This week was the final session. The last in a series of nine workshops I have been running over the last six months with a team in Amsterdam. The main goal was to enhance the group’s communication and personal development by raising their level of awareness. This post is a reminder to them that they have achieved more than they may realise. It also highlights that the power of development work can be found in the simplest of comments.
Prior to the workshops the team was already a cohesive, supportive group. The workshops allowed them to see that more clearly, to appreciate each other more intensely and, most importantly, to advance further as a group and as individuals. They made some immediate connections, relating the theory to their own experiences, and in time they began to notice the nuances of behaviour, interaction and communication. When asked how the workshops are helping them in their work, they responded that they are:
- Relating to each other more consciously
- Actively seeking feedback and involving others more
- Becoming more observant
- Becoming more aware of themselves and others
- Communicating more effectively
- Understanding behaviour
- Becoming more patient
- Showing greater involvement in meetings and discussions
- Being more proactive
- Better able to avoid the games people play
- Writing more effective, more succinct emails
The highlight for me came in Workshop 7 when the group demonstrated 3 things: the kind of support of which they were clearly capable; the insight they had developed over the course of the previous sessions; and the determination to contribute to a colleague’s growth. One of the team reported a conversation, saying he was dissatisfied with the interaction even though he was sure he had created the right intention beforehand. When asked what that intention had been, he replied that his aim had been to instruct the other person on how best to avoid ‘making the same mistakes I made’.
The rest of the team were quick to point out that this was more the approach of a parent than of an equal, represented by the interaction from Nurturing Parent (NP). In creating this dynamic, the response is very likely to come from the Adapted Child (AC) and can be either conformity (‘Okay’) or rebellion (‘Leave me alone!’). Fortunately the advice was followed, but there is nonetheless an alternative interaction which creates an altogether different, healthier relationship.
A better approach would have been an Adult-Adult interaction: an informative discussion based on the choices available, with no attachment to a particular outcome. There was an age difference between the two, but both were old enough to relate from the Adult ego state (which starts developing when we are only 10 months old). In this way the recipient could be encouraged to make his own choices based on the information provided, rather than feeling he is being told what to do. Such an interaction shifts the focus of the relationship from control to empowerment.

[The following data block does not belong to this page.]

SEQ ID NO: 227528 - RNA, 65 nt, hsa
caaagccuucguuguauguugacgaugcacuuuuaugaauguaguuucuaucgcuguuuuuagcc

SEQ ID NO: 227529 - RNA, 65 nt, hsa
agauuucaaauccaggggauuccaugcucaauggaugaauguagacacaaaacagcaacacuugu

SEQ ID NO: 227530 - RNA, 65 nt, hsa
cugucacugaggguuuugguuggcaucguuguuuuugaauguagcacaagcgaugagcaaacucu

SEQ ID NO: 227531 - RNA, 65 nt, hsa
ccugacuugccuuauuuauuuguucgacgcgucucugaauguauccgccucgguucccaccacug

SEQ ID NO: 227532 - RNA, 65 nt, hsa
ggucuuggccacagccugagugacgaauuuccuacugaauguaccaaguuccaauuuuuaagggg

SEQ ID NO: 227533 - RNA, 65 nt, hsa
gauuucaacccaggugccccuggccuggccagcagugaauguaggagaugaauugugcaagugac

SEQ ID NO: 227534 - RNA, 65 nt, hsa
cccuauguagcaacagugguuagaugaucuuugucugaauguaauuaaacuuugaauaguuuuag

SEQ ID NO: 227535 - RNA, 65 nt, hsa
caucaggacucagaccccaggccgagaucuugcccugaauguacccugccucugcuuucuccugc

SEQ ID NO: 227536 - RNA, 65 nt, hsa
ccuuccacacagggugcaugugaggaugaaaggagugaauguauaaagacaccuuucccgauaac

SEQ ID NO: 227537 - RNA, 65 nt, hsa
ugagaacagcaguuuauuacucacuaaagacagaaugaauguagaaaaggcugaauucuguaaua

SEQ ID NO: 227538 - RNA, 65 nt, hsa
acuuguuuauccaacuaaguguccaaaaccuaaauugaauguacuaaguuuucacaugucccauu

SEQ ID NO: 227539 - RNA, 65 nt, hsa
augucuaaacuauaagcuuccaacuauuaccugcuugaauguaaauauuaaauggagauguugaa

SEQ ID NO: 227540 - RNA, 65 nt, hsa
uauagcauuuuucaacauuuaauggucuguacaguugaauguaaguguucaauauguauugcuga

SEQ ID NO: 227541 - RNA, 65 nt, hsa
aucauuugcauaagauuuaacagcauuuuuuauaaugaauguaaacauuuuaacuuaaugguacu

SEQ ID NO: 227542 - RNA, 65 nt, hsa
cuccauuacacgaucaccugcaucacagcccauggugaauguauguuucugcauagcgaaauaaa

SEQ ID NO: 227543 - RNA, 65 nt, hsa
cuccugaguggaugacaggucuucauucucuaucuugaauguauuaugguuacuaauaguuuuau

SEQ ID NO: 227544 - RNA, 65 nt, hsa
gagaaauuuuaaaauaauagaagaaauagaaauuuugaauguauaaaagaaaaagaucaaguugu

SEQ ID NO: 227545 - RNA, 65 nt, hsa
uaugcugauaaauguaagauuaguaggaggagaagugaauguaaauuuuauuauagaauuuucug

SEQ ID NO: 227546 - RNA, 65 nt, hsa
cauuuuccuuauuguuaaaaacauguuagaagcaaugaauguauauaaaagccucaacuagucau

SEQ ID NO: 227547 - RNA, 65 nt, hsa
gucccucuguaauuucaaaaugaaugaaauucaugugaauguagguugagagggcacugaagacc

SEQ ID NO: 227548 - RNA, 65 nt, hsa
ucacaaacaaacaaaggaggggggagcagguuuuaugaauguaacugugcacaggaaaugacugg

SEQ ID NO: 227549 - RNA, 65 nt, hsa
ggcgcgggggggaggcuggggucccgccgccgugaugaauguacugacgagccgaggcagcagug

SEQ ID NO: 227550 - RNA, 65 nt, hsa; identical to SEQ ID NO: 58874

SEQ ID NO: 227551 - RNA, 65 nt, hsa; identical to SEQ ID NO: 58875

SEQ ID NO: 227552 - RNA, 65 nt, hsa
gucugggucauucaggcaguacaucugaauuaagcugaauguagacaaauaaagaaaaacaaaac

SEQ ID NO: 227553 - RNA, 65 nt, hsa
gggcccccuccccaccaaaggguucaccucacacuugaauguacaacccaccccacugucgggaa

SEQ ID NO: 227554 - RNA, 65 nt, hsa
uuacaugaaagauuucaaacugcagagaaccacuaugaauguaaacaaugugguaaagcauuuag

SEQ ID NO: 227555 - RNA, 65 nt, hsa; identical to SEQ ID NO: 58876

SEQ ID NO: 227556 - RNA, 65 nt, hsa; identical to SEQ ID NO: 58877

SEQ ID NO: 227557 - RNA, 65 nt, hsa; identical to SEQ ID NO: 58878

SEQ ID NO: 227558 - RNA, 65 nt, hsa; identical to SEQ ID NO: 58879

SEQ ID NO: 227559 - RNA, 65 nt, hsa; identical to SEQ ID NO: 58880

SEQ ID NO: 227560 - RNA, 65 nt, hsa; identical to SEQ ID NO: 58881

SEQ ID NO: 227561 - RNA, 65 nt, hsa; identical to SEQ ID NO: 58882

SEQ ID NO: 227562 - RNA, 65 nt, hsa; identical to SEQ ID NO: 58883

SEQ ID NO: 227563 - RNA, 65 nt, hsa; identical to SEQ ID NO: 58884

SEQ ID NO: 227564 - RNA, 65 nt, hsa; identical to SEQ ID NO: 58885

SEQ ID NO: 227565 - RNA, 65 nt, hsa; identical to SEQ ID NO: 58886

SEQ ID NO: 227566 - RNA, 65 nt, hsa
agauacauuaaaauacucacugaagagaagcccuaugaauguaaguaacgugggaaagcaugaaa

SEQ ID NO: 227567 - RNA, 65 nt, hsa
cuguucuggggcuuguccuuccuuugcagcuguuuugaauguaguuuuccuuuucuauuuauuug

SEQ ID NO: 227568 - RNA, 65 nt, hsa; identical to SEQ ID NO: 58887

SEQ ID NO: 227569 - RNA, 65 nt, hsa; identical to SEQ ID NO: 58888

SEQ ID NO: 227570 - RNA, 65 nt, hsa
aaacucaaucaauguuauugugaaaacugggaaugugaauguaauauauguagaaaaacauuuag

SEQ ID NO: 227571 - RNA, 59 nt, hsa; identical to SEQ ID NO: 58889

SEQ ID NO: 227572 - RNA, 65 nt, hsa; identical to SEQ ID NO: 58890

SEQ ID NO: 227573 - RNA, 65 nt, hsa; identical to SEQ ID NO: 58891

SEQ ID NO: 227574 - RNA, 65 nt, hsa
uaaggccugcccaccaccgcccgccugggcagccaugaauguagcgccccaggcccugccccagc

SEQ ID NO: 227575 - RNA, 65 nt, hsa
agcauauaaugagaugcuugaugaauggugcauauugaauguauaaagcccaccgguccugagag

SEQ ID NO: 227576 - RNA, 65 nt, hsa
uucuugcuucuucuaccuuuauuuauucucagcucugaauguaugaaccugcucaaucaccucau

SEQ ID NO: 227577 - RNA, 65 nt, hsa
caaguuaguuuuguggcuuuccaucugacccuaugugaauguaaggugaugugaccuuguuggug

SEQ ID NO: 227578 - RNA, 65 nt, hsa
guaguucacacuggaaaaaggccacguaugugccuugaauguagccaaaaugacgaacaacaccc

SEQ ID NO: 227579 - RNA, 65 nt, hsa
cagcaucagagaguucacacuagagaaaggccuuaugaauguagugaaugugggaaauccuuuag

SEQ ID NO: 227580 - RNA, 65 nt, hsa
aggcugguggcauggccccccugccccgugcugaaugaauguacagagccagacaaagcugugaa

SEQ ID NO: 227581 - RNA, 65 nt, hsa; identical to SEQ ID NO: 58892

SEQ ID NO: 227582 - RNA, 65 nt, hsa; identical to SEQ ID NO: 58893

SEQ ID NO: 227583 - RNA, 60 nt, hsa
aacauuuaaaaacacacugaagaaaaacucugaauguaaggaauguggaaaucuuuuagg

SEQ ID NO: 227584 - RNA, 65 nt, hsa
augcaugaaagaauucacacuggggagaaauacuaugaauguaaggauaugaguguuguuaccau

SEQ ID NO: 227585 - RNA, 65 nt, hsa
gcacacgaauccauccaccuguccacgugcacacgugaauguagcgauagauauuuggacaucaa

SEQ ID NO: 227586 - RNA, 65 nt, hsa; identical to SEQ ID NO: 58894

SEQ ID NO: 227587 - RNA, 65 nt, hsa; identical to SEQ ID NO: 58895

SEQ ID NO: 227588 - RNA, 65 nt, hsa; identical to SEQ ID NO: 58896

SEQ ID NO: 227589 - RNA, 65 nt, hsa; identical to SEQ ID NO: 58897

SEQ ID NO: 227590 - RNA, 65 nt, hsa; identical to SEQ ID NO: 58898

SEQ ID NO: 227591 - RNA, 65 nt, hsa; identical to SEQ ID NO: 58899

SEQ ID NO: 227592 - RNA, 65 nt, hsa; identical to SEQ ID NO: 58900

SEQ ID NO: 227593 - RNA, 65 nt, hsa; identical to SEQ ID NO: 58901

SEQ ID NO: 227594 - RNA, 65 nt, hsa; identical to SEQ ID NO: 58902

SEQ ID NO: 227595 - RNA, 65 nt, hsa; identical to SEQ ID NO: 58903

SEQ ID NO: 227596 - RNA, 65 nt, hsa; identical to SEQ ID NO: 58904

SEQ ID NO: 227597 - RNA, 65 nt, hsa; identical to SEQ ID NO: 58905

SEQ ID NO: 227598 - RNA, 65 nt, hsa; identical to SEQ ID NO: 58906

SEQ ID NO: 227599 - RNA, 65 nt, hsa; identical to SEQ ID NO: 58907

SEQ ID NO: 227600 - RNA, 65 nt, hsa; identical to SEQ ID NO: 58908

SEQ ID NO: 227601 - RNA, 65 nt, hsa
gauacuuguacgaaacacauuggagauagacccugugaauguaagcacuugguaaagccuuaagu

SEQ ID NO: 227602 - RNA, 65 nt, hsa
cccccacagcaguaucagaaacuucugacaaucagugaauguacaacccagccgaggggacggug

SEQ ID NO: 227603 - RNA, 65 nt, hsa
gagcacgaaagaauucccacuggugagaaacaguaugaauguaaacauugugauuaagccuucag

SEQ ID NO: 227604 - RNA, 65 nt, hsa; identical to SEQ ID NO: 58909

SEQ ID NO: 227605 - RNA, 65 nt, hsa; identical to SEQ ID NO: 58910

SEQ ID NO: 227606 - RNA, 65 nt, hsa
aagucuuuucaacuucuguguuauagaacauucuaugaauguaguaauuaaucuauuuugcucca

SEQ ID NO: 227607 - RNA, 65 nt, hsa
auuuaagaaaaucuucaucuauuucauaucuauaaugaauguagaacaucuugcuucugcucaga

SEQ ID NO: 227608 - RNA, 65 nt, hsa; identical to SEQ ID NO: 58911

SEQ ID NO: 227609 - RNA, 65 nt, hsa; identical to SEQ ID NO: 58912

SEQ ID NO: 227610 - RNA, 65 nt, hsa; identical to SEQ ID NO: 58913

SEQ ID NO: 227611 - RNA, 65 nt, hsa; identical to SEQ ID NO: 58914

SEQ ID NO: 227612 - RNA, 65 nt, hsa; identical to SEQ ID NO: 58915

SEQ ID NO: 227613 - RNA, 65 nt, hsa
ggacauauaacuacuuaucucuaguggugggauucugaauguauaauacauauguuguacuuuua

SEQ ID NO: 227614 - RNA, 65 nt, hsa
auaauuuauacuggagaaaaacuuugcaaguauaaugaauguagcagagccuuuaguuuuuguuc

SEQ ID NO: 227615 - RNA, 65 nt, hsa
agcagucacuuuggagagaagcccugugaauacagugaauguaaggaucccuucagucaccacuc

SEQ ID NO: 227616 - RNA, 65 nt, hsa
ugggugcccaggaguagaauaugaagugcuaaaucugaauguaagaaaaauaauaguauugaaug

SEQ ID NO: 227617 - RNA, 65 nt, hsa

The team challenged their colleague, showing an understanding of the different ego states and transaction types, and a persistence which eventually meant he was able to see what they were seeing. Initially he resisted, justifying his approach on the grounds that he was the elder in the communication, but it was not long before he agreed with their feedback. It may have seemed to everyone like a brief episode, quickly forgotten, but it demonstrated the power of the group to contribute to each other. It’s not always obvious. There are no fireworks in personal development. There are observations, insights and learning points. And there is steady progress.
The entire series of workshops was summed up beautifully by one of the last comments of the final workshop. Had I not revisited one person’s feedback, we would never have got there. The fact that we did was a demonstration of what can happen when we pursue interactions to their conclusion. We were talking about whether or not it’s possible to change yourself. The comment came amid competing voices and was delivered in typically understated style by one of the quieter members of the group. He simply said, “You change as you get older.”
I learnt during my own training that when the quiet ones speak you listen. He was right. Life changes us. Its myriad experiences, interactions and relationships have an unavoidable effect on us. We are going to change anyway, so why not guide the inevitable? Why not see our behaviour for what it is and strive for a more effective way of relating to each other? The work the team has done had that as its goal. It will contribute to their continued development and ensure they have a greater influence over how they change in the months and years to come.